“Ineffable”. Don’t use that word. It’s too big, too obscure.
If you hear someone say that word without knowing its definition you might get a very different sense of it than you do by reading it. But I was told recently that it’s best to use words that everyone understands. “Quotidian,” for example, should not be used. Who ever says quotidian when you can simply say “every day” is just showing off. But then, I saw a bakery called Le Pein Quotidien – The Daily Bread.
You have to be careful when you use the word “myth” in church to refer to a scripture or doctrine. The word is defined: A
My daughter used the words “orthodox”, “realist” and “agnostic” in a class when discussing Quantum Mechanics. While the terms are commonly used by physicists to describe three points of view which represent the intermediate state between measurements, someone took exception. Two of those words are fraught with religious overtones. What are they doing in a physics class?
Why do we sing: Haste to bring him laud … ? What’s “laud“? Why don’t we simply sing “praise”?
When I played baseball in high school our coach used to say “Judas Priest” whenever he got exasperated. It sounded sort of cool, so I started using the phrase to express my exasperation. One day my older sister called me on it. “Do you know who ‘Judas’ Priest’ was?” she asked me. OK … so I couldn’t say that anymore. I used to think that George Carlin was the gold standard when it comes to words you should not use; but the idea that other kinds of words – not dirty ones, but big ones, or slightly obscure ones – should also be avoided was new to me.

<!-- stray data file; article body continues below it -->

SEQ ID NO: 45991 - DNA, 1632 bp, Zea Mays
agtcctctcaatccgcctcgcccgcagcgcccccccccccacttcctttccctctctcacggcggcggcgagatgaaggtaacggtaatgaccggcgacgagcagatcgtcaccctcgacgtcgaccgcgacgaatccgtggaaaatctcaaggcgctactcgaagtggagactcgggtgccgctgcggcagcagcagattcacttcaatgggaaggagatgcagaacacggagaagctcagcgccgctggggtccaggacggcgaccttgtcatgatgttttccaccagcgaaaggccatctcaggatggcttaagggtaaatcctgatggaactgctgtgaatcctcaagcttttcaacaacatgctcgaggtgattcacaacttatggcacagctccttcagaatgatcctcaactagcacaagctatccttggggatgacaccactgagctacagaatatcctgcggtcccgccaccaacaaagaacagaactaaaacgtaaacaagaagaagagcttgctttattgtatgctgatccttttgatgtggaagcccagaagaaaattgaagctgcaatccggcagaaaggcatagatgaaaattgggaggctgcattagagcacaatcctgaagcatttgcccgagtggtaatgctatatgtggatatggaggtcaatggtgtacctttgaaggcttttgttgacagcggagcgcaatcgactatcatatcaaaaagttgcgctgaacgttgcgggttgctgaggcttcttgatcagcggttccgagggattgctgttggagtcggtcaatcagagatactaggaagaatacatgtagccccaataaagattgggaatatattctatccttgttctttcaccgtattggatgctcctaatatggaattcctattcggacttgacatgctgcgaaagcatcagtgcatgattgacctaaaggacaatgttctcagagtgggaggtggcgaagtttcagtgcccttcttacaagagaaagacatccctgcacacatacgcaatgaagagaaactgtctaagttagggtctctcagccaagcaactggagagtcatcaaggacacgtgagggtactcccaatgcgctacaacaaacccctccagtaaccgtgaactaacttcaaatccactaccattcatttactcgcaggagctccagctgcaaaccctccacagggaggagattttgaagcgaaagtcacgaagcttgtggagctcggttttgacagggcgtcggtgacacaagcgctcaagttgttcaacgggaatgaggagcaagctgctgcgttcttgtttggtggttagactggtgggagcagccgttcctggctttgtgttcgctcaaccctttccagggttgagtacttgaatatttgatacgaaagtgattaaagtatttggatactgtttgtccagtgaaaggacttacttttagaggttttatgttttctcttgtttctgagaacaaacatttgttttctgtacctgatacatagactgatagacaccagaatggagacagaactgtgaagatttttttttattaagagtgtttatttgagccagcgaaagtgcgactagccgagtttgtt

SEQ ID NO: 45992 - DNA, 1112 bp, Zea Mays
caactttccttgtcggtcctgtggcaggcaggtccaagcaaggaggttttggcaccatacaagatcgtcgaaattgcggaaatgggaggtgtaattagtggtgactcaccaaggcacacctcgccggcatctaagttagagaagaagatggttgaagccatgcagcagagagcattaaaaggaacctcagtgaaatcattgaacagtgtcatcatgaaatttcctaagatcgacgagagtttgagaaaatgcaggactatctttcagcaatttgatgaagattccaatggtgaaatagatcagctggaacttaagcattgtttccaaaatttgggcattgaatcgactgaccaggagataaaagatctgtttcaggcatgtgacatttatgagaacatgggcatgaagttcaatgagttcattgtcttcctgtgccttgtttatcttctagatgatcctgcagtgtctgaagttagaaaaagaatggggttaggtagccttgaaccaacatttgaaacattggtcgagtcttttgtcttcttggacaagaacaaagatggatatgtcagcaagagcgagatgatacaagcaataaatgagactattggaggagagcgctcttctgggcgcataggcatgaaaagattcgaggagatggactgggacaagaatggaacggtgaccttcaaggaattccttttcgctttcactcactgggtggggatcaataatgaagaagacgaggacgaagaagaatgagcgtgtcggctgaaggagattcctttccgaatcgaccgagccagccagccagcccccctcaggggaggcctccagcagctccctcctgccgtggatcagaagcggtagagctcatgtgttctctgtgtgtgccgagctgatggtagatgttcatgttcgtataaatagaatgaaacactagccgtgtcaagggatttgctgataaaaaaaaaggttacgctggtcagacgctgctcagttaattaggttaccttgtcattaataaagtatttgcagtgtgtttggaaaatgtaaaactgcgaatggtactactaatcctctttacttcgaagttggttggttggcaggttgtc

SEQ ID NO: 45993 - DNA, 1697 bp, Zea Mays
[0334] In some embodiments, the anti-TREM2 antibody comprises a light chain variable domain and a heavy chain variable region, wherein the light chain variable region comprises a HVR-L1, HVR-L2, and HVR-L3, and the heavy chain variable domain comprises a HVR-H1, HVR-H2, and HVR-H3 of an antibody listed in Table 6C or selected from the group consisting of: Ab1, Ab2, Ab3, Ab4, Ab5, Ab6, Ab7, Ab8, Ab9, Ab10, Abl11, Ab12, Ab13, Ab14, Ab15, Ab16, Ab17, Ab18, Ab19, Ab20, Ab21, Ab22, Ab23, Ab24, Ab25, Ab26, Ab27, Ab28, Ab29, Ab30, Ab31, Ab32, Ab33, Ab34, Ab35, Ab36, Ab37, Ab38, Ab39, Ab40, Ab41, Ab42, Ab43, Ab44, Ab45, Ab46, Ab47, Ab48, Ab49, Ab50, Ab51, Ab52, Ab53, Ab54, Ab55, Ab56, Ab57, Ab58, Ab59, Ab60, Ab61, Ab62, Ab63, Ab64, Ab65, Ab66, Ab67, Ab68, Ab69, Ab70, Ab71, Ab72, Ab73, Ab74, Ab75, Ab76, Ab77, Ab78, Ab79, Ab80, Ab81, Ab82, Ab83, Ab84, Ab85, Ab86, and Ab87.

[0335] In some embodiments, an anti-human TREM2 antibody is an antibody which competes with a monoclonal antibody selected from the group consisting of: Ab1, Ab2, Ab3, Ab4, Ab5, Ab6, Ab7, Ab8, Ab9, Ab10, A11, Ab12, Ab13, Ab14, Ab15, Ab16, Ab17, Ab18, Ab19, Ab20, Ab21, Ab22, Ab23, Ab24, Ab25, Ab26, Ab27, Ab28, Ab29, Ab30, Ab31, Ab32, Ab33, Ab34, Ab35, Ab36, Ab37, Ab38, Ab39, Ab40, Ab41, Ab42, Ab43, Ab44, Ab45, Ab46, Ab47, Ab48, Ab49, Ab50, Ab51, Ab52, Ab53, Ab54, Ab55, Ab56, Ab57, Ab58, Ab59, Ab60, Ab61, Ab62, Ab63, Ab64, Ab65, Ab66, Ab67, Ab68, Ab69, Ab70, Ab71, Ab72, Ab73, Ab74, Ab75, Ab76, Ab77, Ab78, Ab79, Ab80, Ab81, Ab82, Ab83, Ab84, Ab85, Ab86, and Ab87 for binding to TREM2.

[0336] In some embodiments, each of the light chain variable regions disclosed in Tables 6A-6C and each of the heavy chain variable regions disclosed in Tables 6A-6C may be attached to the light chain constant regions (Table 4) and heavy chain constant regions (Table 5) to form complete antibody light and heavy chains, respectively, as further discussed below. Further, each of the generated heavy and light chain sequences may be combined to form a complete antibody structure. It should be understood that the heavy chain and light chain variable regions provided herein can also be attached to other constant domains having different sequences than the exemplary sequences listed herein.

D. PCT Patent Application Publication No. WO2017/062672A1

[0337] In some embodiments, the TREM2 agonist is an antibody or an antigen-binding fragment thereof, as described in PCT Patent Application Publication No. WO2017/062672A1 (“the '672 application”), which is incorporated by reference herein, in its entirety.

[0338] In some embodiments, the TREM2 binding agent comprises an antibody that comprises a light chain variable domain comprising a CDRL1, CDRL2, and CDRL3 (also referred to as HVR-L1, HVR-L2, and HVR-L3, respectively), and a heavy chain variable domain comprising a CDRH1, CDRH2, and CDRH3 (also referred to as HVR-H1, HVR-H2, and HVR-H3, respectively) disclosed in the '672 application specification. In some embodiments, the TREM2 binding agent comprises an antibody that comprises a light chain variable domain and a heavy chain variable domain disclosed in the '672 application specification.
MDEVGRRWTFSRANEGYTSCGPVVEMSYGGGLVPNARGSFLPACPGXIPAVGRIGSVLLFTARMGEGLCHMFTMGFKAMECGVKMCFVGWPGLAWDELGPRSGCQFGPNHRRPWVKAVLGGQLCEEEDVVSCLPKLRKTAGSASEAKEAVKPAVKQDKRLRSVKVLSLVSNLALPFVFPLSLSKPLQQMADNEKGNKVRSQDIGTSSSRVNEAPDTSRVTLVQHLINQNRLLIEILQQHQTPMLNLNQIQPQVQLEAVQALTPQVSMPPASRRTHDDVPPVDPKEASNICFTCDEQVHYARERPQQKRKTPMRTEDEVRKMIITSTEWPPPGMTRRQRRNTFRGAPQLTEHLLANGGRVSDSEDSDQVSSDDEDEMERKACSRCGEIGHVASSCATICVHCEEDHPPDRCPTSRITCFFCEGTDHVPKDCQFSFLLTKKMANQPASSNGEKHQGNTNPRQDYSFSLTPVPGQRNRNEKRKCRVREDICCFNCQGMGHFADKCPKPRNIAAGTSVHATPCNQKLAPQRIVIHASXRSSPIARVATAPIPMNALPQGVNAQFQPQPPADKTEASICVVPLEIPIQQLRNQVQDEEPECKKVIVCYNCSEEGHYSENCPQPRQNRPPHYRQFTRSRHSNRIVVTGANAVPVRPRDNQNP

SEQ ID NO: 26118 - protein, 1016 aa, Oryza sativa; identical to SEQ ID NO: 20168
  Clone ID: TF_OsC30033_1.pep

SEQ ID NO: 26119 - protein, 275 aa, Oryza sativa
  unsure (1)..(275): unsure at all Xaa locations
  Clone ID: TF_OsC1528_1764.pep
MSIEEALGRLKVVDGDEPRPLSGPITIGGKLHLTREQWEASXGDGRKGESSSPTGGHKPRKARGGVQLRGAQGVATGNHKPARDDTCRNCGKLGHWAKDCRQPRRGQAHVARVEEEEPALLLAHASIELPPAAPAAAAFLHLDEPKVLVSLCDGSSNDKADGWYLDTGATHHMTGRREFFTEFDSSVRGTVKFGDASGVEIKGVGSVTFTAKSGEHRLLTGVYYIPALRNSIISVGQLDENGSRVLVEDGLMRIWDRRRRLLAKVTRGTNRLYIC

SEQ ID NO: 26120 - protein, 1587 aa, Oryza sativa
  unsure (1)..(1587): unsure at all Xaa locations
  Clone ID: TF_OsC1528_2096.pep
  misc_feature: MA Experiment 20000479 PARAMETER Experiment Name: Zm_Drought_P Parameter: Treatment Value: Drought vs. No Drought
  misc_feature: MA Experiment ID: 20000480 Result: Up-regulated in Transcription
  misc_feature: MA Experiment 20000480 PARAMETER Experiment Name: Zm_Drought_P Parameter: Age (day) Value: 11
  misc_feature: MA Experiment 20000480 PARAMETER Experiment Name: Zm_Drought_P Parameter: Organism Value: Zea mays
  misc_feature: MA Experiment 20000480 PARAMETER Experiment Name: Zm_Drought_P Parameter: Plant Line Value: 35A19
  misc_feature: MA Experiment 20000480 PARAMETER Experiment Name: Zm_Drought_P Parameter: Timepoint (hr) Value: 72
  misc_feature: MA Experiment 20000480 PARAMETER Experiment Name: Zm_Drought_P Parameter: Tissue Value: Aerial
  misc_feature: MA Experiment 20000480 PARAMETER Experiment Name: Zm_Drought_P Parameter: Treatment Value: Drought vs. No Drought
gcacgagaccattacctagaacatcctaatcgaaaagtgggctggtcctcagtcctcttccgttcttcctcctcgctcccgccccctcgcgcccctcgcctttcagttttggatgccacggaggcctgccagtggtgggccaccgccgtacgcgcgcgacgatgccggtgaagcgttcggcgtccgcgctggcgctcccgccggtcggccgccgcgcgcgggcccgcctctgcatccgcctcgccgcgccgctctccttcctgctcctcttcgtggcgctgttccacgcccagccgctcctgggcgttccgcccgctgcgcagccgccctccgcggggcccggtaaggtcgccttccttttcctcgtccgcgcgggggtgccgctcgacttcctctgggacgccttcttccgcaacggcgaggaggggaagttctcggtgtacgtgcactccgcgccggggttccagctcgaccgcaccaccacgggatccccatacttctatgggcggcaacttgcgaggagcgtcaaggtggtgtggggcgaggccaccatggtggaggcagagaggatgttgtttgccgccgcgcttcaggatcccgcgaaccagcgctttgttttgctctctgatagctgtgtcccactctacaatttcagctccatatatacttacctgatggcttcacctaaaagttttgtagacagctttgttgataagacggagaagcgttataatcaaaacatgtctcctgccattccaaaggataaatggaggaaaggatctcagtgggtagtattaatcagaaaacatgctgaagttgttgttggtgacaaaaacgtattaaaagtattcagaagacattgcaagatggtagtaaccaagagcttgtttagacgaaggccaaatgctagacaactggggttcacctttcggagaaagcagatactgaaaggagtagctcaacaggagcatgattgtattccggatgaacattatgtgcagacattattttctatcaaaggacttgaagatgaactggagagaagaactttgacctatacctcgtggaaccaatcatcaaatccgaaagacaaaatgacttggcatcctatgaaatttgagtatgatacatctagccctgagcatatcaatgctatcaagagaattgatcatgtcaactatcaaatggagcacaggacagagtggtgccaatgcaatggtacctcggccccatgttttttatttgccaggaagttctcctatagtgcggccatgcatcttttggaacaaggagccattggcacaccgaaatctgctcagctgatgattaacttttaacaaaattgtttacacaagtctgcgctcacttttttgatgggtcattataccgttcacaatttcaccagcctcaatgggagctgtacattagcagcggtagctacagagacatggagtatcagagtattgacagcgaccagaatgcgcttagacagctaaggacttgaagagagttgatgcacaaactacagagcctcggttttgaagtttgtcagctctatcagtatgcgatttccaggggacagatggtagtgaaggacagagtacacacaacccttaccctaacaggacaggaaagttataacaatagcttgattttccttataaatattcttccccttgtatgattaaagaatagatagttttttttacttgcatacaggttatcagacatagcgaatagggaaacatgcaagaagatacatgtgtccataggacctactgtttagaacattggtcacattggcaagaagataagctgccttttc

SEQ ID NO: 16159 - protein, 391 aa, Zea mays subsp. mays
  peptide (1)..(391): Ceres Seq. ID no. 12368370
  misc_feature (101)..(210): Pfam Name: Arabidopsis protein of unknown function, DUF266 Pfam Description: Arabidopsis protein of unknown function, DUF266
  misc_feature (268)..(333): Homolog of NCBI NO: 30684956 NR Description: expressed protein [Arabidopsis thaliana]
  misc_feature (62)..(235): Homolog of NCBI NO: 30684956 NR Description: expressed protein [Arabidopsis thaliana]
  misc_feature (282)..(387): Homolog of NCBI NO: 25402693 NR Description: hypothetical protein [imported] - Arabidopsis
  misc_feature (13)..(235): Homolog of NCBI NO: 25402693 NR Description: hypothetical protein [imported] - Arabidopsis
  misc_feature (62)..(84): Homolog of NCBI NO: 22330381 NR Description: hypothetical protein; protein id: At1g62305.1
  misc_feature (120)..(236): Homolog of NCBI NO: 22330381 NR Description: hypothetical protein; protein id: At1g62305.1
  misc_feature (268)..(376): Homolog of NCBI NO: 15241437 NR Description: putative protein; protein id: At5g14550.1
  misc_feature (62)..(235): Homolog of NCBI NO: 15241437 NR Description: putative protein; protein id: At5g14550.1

I remember the first time I heard the word “ubiquitous”. I was so enamored of it that I ran home, looked it up and immediately added it to my vocabulary. It’s a word that is pronounced in the front of your mouth; not a lot of depth, but it’s everywhere. Why shouldn’t we use words that are slightly esoteric? And what about euphemisms or all the political catch phrases and sound bites that take complicated subjects and grind them down to the equivalent of pablum? Phrases like “Pro-Choice” or “Right to Life”- Aren’t we actually doing ourselves an injustice by reducing the emotional, spiritual, philosophical and political issues of our day to these over-simplified constructs?
Back to Quantum Mechanics for a moment. Schrodinger came up with this mind game / puzzle suggesting that, in the quantum world a cat in a box under certain circumstances could be both alive and dead at the same time. How can that be? That’s ineffably amazing!
There are words that some people can say but other people cannot say; I get that. There are words or phrases that start feuds in families and fights in congress – like “gun control” or “abortion” or “climate change”. Perhaps we shouldn’t say any of those.
There are words we use when we are searching for the right word, like “like”. Have you noticed that more people are beginning sentences – especially when they are explaining something – with an elongated Soooo … It can be, like, soooo frustrating listening to those folks. But because there are so many words and phrases we shouldn’t use, I can understand the need for some articulation that lets people know you are still with them, thinking, searching for just that perfect way of saying what you want to say in such a way so as not to offend anyone.
We won’t even get into “Vocal Fry”, which researchers say is on the rise. It is ubiquitous among educated, urban-oriented, upwardly-mobile women. In fact, in a recent report 2/3 of the women studied exhibited vocal fry. Some suggest that women are trying to sound more like men; but I don’t know if that’s a good thing to say.
Well … anyway … Merry Christmas. (Is it ok to say those words? Is it too early in the season? Should I wait for another week? I know it’s been said many times, many ways; but would it be better simply to say: Have a nice day?)